Children of key workers should only go to school on Monday as a "last resort", according to the Department of Education.
Education Minister Peter Weir said that only one parent needs to be a key worker for a pupil to attend school.
However he said children should only attend school if there was "no other viable option" for their care.
Most schools across Northern Ireland are expected to open on a limited basis from Monday.
Children of key workers as well as those with a statement of special educational needs (SEN), or other pupils who are vulnerable, can attend school.
At Enniskillen Royal Grammar School in County Fermanagh, principal Elizabeth Armstrong said a "small number of pupils" were in school on Monday morning.
Many schools spent Friday and the weekend contacting parents of pupils to find out who was likely to attend.
There is no set limit to the number of pupils a school can admit, as long as it is safe and they can observe Public Health Authority (PHA) guidelines on social distancing.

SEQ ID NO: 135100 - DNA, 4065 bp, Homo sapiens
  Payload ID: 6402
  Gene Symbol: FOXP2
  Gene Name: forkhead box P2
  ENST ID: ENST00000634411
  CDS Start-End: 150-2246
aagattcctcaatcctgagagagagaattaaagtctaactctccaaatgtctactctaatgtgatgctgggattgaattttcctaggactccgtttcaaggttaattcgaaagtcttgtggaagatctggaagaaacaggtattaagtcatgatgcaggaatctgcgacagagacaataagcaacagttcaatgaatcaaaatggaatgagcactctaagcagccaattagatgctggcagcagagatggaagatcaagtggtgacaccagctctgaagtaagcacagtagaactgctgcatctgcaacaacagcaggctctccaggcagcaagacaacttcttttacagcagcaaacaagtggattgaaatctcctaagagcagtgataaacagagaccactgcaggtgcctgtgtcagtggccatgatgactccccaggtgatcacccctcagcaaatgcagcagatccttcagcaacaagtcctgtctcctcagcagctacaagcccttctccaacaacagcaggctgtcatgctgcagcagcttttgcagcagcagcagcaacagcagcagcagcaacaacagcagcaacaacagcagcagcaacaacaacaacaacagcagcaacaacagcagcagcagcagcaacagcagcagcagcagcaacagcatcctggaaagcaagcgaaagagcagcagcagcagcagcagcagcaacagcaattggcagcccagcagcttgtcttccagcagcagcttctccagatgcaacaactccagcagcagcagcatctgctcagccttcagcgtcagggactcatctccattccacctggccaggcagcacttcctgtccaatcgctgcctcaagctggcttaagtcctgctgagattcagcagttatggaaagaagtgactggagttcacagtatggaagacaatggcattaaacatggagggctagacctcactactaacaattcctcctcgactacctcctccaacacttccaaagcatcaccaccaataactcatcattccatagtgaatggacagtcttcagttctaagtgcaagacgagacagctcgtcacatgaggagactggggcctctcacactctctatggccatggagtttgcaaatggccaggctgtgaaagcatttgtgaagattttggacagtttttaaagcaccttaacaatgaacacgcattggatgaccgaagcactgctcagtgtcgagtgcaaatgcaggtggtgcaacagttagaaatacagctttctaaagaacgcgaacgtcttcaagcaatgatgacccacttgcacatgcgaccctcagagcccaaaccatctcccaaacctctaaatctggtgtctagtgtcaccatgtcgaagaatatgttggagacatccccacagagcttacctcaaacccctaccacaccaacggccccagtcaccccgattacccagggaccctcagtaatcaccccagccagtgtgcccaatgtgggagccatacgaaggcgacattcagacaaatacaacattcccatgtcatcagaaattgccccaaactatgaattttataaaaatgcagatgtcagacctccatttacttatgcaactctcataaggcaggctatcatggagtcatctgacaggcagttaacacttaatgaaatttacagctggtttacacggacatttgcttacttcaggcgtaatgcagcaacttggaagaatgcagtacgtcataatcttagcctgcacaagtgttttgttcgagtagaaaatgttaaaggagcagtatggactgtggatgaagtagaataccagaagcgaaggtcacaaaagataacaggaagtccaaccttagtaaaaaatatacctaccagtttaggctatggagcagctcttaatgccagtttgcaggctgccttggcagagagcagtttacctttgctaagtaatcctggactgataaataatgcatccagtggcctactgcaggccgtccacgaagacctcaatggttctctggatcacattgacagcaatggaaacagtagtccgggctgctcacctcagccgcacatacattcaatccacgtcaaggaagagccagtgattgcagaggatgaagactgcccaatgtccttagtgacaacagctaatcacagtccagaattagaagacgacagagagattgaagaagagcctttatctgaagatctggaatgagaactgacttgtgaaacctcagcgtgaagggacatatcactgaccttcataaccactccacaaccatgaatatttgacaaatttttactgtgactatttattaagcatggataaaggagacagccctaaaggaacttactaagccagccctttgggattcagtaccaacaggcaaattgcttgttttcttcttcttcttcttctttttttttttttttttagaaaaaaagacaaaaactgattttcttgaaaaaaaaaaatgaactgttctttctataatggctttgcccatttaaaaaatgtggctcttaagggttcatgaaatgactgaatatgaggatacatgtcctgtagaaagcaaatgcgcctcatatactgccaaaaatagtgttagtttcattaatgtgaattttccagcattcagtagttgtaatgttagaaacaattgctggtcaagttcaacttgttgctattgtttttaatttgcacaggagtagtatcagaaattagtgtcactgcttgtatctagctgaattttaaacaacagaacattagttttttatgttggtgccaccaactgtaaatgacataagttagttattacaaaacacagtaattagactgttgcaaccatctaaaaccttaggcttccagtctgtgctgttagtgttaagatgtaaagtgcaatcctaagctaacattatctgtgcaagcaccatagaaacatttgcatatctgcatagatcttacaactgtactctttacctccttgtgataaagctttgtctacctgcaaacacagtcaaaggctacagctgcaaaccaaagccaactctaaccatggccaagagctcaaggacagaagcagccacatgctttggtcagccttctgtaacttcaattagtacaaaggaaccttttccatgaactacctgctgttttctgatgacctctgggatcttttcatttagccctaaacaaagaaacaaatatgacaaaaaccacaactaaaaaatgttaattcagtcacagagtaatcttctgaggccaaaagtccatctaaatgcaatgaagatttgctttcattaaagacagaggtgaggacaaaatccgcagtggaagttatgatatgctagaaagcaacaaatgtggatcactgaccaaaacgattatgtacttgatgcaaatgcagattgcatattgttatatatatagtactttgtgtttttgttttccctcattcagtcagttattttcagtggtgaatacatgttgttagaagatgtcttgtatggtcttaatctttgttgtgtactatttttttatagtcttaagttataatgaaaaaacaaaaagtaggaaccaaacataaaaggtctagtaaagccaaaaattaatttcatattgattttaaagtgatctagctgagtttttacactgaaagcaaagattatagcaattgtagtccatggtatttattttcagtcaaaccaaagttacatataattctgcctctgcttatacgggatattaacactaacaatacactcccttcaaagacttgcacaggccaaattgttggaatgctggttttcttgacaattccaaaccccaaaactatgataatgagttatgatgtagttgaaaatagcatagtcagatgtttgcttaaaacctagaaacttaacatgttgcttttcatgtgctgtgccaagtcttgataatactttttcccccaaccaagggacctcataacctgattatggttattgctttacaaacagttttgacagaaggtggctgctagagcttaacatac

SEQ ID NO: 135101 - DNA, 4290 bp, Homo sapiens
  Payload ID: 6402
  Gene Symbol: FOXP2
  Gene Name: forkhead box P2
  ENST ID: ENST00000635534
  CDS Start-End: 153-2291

Some principals, though, have said they will not be able to open their schools on Monday due to concerns about the health and safety of staff and pupils.
Mr Weir acknowledged not all schools will be ready to open.
On Sunday, the Department of Education (DE) wrote to principals asking them whether they were going to open on Monday and in the days and weeks ahead.
The department also asked headteachers "whether you are willing to accept children and staff from other schools if needed."
The letter from the permanent secretary, Derek Baker, also said the DE would collect daily pupil and staff attendance figures.
Mr Baker thanked principals for their support in "trying to combat this unprecedented and serious threat we are all facing."
However, the Education Authority (EA) told parents school transport would not run as normal.
Parents have also been asked to send packed lunches for children as the usual school meals service will not operate either.
At the weekend the EA posted on social media that it had been "able to source a limited number of 50ml bottles of hand sanitisers."
It asked principals to contact them if they required them but also told heads they would be reimbursed if they bought urgently needed items themselves up to a value of £100.
One principal told BBC News NI they still did not know if hand sanitizer or other personal protective equipment (PPE) would be available in their school on Monday.
"We want to work together to support our communities but we equally want to keep everyone safe," they said.